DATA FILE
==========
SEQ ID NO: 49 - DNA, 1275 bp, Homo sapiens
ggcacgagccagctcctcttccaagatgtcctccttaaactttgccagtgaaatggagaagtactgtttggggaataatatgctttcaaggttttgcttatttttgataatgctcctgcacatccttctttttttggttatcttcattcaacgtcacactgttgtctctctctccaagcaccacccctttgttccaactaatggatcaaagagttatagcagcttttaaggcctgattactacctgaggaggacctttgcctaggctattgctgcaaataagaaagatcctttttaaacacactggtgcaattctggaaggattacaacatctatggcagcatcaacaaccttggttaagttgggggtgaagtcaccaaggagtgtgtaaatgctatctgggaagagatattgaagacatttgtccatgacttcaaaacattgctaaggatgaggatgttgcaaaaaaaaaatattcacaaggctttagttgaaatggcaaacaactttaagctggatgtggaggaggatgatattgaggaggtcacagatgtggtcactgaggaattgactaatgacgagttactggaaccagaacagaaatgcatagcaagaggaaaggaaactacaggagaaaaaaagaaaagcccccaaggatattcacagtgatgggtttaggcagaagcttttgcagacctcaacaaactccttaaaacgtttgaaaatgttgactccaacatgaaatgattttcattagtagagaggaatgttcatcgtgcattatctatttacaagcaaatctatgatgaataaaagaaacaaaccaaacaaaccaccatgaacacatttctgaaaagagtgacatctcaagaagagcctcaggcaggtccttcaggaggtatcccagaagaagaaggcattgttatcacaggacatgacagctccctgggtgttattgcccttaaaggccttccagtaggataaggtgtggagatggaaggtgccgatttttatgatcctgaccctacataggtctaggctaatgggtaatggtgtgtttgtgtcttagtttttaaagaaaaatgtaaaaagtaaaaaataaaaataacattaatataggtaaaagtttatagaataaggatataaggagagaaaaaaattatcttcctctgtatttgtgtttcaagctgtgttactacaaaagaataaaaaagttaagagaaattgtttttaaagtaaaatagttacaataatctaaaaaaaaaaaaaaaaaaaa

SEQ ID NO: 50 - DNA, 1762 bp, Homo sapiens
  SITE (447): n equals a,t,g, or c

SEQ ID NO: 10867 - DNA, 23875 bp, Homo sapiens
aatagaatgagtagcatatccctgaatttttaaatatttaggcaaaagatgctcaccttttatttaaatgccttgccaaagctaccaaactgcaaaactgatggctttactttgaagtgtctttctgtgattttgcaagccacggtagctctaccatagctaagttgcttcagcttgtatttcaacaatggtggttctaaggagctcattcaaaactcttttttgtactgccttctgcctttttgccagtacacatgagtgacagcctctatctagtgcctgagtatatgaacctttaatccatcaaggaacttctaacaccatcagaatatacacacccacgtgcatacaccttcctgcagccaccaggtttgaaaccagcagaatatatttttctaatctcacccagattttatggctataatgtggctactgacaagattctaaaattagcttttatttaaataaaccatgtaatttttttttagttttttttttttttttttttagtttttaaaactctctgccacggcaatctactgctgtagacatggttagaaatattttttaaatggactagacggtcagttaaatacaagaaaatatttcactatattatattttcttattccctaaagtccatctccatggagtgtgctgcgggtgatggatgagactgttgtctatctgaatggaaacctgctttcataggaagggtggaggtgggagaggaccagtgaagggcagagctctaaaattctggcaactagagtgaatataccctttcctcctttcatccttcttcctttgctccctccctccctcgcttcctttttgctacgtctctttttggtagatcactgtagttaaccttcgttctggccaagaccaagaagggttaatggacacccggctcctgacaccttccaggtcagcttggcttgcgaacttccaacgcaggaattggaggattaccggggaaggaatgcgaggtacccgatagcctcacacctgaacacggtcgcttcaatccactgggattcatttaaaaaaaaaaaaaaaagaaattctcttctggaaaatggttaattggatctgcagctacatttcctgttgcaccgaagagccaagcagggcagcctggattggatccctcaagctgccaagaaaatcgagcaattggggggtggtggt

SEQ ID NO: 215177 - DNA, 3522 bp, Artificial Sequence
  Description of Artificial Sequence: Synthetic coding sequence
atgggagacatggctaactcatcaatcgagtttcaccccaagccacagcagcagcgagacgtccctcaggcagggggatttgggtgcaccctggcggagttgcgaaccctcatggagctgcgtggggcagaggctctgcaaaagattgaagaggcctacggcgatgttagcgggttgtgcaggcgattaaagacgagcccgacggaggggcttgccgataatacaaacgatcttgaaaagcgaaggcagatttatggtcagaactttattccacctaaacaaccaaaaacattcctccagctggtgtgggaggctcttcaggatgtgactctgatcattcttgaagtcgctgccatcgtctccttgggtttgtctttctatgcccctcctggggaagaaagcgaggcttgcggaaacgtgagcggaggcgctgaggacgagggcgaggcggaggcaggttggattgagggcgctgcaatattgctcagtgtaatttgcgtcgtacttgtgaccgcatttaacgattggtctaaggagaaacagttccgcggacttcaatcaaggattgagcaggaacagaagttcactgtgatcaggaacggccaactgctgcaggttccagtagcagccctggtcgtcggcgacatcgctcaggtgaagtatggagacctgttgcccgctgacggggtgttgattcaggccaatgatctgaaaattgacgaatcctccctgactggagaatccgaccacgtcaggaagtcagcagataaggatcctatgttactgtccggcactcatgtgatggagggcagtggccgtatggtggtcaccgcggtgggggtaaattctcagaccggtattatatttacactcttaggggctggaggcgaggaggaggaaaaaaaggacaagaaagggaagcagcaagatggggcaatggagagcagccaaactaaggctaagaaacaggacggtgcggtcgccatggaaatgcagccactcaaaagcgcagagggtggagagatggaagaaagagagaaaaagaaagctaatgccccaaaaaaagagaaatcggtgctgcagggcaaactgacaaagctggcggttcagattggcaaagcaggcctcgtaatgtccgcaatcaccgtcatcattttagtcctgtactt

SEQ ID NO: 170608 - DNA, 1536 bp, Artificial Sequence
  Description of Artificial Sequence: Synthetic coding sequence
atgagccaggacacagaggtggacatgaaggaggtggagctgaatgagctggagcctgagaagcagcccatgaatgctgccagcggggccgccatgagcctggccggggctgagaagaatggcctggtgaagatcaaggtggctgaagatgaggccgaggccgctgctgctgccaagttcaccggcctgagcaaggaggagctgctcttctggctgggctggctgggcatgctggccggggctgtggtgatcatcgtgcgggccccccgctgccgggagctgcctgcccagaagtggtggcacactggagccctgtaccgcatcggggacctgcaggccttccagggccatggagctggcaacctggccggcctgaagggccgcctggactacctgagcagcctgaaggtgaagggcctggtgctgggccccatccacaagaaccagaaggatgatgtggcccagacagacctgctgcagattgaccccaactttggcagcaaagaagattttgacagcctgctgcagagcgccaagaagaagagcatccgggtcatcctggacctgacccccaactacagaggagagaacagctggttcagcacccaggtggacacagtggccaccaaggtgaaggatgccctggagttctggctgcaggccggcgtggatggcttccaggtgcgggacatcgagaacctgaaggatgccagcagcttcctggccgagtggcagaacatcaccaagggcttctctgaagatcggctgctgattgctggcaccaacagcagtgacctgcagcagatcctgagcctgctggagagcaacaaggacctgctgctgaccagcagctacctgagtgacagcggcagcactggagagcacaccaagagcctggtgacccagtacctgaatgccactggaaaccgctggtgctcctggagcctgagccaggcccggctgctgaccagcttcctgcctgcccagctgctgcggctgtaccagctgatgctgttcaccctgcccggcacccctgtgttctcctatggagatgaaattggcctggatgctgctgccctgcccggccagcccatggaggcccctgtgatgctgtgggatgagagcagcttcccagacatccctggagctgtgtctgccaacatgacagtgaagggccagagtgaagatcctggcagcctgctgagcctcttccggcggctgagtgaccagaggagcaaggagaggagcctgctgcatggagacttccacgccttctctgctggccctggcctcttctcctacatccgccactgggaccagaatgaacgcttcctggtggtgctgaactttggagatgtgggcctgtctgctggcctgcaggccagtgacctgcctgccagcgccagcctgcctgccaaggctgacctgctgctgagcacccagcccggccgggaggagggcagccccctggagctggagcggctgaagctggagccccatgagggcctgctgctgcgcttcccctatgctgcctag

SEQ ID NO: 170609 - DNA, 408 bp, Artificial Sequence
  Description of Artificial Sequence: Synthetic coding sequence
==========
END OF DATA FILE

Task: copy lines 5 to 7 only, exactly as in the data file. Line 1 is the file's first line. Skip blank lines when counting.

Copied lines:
SEQ ID NO: 10867 - DNA, 23875 bp, Homo sapiens
aatagaatgagtagcatatccctgaatttttaaatatttaggcaaaagatgctcaccttttatttaaatgccttgccaaagctaccaaactgcaaaactgatggctttactttgaagtgtctttctgtgattttgcaagccacggtagctctaccatagctaagttgcttcagcttgtatttcaacaatggtggttctaaggagctcattcaaaactcttttttgtactgccttctgcctttttgccagtacacatgagtgacagcctctatctagtgcctgagtatatgaacctttaatccatcaaggaacttctaacaccatcagaatatacacacccacgtgcatacaccttcctgcagccaccaggtttgaaaccagcagaatatatttttctaatctcacccagattttatggctataatgtggctactgacaagattctaaaattagcttttatttaaataaaccatgtaatttttttttagttttttttttttttttttttagtttttaaaactctctgccacggcaatctactgctgtagacatggttagaaatattttttaaatggactagacggtcagttaaatacaagaaaatatttcactatattatattttcttattccctaaagtccatctccatggagtgtgctgcgggtgatggatgagactgttgtctatctgaatggaaacctgctttcataggaagggtggaggtgggagaggaccagtgaagggcagagctctaaaattctggcaactagagtgaatataccctttcctcctttcatccttcttcctttgctccctccctccctcgcttcctttttgctacgtctctttttggtagatcactgtagttaaccttcgttctggccaagaccaagaagggttaatggacacccggctcctgacaccttccaggtcagcttggcttgcgaacttccaacgcaggaattggaggattaccggggaaggaatgcgaggtacccgatagcctcacacctgaacacggtcgcttcaatccactgggattcatttaaaaaaaaaaaaaaaagaaattctcttctggaaaatggttaattggatctgcagctacatttcctgttgcaccgaagagccaagcagggcagcctggattggatccctcaagctgccaagaaaatcgagcaattggggggtggtggt

SEQ ID NO: 215177 - DNA, 3522 bp, Artificial Sequence